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Rescued horse gets electrifying treatment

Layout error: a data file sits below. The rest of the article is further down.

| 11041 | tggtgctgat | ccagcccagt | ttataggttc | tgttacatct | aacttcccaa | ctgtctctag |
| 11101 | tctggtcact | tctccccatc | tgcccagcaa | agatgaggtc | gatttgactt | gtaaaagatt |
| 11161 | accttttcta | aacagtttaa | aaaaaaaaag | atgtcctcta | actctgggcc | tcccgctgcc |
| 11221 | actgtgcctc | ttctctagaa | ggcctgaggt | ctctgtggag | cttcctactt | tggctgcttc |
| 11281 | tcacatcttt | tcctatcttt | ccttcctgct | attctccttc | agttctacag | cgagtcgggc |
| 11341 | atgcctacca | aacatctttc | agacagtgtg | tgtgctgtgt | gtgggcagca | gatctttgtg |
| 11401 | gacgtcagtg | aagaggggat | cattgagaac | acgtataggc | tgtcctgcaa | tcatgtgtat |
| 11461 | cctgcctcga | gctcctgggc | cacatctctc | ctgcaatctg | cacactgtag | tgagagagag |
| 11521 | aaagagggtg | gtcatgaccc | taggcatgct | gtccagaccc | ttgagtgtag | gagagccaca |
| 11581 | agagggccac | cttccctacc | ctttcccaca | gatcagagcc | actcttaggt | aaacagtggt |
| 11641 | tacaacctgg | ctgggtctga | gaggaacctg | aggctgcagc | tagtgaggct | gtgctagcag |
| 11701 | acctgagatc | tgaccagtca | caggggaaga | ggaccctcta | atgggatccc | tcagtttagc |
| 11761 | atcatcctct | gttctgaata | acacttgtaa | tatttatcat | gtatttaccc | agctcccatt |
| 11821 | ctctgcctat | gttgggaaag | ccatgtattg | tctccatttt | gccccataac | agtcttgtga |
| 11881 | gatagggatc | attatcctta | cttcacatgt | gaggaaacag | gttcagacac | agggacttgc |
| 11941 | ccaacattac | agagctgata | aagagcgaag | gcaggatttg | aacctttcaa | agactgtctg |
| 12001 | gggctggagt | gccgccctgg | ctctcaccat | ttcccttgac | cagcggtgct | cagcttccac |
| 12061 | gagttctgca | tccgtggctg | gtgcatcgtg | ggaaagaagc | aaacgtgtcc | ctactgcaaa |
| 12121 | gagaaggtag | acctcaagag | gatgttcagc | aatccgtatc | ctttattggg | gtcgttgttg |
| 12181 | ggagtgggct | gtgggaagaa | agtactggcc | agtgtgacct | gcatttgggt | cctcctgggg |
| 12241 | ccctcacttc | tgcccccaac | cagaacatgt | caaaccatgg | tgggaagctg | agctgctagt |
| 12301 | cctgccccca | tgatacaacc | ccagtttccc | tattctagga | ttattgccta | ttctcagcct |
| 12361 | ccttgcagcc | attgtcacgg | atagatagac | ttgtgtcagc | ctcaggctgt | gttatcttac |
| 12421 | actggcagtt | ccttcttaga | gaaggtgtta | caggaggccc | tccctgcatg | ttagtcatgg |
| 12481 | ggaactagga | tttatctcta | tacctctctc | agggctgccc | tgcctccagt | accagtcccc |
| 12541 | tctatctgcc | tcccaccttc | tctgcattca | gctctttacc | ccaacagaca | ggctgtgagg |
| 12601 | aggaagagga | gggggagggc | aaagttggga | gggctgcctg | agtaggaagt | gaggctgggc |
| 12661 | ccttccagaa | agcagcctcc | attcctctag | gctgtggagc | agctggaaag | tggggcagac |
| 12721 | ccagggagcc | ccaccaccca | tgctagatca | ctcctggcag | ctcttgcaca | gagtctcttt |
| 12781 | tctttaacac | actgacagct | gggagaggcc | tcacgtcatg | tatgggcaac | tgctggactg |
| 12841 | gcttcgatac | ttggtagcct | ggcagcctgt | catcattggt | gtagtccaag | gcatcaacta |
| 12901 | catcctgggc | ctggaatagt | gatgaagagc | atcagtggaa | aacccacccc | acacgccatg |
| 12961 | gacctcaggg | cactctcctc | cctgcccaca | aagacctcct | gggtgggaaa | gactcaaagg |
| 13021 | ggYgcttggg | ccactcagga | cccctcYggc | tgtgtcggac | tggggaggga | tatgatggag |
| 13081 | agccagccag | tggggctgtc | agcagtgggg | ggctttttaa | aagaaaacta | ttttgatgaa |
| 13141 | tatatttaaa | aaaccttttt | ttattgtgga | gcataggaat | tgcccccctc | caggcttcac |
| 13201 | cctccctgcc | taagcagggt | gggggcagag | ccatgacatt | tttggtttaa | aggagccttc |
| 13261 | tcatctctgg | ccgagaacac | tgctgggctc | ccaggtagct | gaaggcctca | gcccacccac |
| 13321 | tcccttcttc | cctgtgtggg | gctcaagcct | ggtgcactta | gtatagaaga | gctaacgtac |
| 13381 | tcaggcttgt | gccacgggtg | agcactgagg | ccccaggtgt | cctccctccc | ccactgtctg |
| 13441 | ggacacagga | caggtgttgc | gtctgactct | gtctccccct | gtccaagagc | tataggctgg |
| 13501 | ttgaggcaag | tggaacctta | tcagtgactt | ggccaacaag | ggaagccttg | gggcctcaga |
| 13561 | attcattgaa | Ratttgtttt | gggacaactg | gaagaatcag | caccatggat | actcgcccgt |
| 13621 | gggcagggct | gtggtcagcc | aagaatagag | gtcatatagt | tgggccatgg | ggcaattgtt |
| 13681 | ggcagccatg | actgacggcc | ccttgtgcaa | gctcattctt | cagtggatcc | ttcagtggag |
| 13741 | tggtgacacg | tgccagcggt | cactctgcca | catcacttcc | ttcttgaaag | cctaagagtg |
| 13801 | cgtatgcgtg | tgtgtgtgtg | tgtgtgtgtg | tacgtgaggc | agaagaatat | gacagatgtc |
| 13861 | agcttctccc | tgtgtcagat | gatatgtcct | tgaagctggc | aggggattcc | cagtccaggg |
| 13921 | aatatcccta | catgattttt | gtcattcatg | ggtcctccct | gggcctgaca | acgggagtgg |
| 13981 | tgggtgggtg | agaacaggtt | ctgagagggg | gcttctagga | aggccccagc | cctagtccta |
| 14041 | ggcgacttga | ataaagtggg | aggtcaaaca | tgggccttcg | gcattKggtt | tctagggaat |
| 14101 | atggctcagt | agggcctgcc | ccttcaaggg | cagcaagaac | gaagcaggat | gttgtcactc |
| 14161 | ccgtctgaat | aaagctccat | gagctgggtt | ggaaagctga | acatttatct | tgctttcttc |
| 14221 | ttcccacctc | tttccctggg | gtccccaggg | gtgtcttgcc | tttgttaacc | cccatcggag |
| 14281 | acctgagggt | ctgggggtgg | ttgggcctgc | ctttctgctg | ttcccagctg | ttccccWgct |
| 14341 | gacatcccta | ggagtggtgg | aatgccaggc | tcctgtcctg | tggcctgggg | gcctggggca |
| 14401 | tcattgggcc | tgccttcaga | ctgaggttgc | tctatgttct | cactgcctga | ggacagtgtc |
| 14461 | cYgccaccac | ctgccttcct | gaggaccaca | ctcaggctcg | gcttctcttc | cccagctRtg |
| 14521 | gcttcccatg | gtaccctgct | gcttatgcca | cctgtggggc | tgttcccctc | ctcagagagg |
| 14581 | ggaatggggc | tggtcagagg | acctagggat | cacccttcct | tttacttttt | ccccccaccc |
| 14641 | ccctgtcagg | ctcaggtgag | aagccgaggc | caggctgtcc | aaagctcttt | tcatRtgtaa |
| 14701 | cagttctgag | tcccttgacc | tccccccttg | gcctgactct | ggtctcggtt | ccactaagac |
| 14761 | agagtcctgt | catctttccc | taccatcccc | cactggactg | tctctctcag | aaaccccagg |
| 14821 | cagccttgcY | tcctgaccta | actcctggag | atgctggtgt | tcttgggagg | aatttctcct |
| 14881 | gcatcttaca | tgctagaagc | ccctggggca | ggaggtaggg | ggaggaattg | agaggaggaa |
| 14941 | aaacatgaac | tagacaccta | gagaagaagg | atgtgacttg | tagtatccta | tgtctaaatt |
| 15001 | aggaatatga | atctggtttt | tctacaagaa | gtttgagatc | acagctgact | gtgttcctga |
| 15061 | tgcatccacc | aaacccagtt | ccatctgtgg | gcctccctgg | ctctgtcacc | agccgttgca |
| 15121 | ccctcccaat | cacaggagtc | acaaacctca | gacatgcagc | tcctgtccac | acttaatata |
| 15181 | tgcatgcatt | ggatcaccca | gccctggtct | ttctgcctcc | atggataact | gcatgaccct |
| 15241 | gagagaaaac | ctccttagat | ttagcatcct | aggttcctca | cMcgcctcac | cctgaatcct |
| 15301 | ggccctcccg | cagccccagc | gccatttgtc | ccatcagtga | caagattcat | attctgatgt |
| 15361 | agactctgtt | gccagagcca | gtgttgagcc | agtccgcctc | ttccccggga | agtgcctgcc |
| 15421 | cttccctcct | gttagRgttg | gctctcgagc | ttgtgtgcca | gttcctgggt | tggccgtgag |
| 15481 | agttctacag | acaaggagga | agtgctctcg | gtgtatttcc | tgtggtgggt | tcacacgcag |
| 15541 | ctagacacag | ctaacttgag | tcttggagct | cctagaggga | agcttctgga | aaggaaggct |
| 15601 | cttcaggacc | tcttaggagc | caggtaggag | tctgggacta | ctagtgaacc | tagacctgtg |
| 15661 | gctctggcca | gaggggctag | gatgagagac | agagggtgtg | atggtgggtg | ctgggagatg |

When Captain, a 26-year-old gelding, stepped on a partially buried wire and sheared off a third of his hoof, his caretakers prepared for the worst.Rescued from severe malnutrition by Front Range Equine Rescue, Captain had been adopted to new owners in Falcon who hoped to use him in a lesson program. When he proved to be too frisky for beginning riders, his owners were preparing to return him to FRER when he had his accident.They called the vet immediately, and he bandaged the severely injured hoof and started Captain on a weeklong course of antibiotics to prevent infection. No one thought there was much hope.Not one to give up easily, Hilary Wood, founder of FRER, called Veterinarian Dr. Penny Lloyd, who had taken a special course in homeopathy at Colorado State University. The course taught a system of treating horses by stimulating the body’s natural defenses. After examining Captain, Lloyd immediately brought Kelly Stoochnoff of Equine BioEnergy in to review the case.Stoochnoff is a certified animal acuscope therapist, trained in the use of an electronic medical instrument called the electro-acuscope. One of a class of electrical stimulators called transcutaneous electrical nerve stimulators (TENS), these devices have been used on humans since the late 1970s to reduce pain and promote healing. The device uses electricity to stimulate the nervous system by sending waveforms to the damaged tissue.Stoochnoff, a Black Forest resident, was introduced to acuscope therapy after teaching and competing in dressage the majority of her life. When a horse she had in training developed muscular problems in his back and did not respond to conventional treatment, someone suggested acuscope therapy.”I’m very cynical,” said Stoochnoff. “I never believe anything unless I can see it, feel it, taste it, touch it.” But she found someone who used the therapy on people and invited her to the barn. “I was amazed just after the first time the difference it made in the horse,” said Stoochnoff. “It really made me pay attention.”The therapy did not bring the horse back to 100 percent, however, and Stoochnoff wanted to know why.After some research, she found that the instrument was calibrated for humans, not equines. She tracked down Joyce Jackson of Animal Therapy Systems, who conducts training in the use of the acuscope on horses, and she attended Jackson’s two-week certification course in California last fall.When she returned from training and treated the same horse herself, he was completely back to normal after two treatments. And Stoochnoff was completely sold on acuscope treatment. “All he needed was instrumentation that was calibrated correctly to his metabolism,” Stoochnoff said.So Equine BioEnergy was an obvious choice for Captain. “In Captain’s case, I thought, “There’s no coronary band here,” Stoochnoff said. “Not only was there no coronary band, but there were no points for me to work on.” The wound had developed a large amount of proud flesh, pinkish granulation tissue that can prevent healthy tissue from forming. But after two weeks of treatment with the acuscope, the proud flesh was gone.Meanwhile, Stoochnoff’s curiosity once again led her to an alternative treatment. Through the Internet, she found a small company in Arkansas called BeluMed X that manufactures an antibacterial healing gel for horses. Eclipse is an aloe-based healant that is created by drawing blood from donor horses and spinning the blood down to get platelets. “About 10 percent is growth factor,” Stoochnoff said. “The cells have the ability to sort themselves out as to whatever they need to be.”Stoochnoff started using the gel on Captain’s wound and noticed improvement in a matter of days. Photos of Captain’s progress can be found on Equine BioEnergy’s Web site, “It’s mind-boggling to me that we can do these things,” she said. “I started with that horse on Feb. 5, and now he’s going back to work!” With the combination of acuscope therapy and the wound ointment, Captain has regenerated his hoof, including a new coronary band. He’ll be ridden again in no time.Stoochnoff prefers to work with a veterinarian to coordinate treatment and benefit from the vet’s medical knowledge. She has worked with other rescued horses and finds a special satisfaction treating these animals. “That’s the cool thing to me about all of this,” she said. “We can take horses that people are going to give up on and find other options.”

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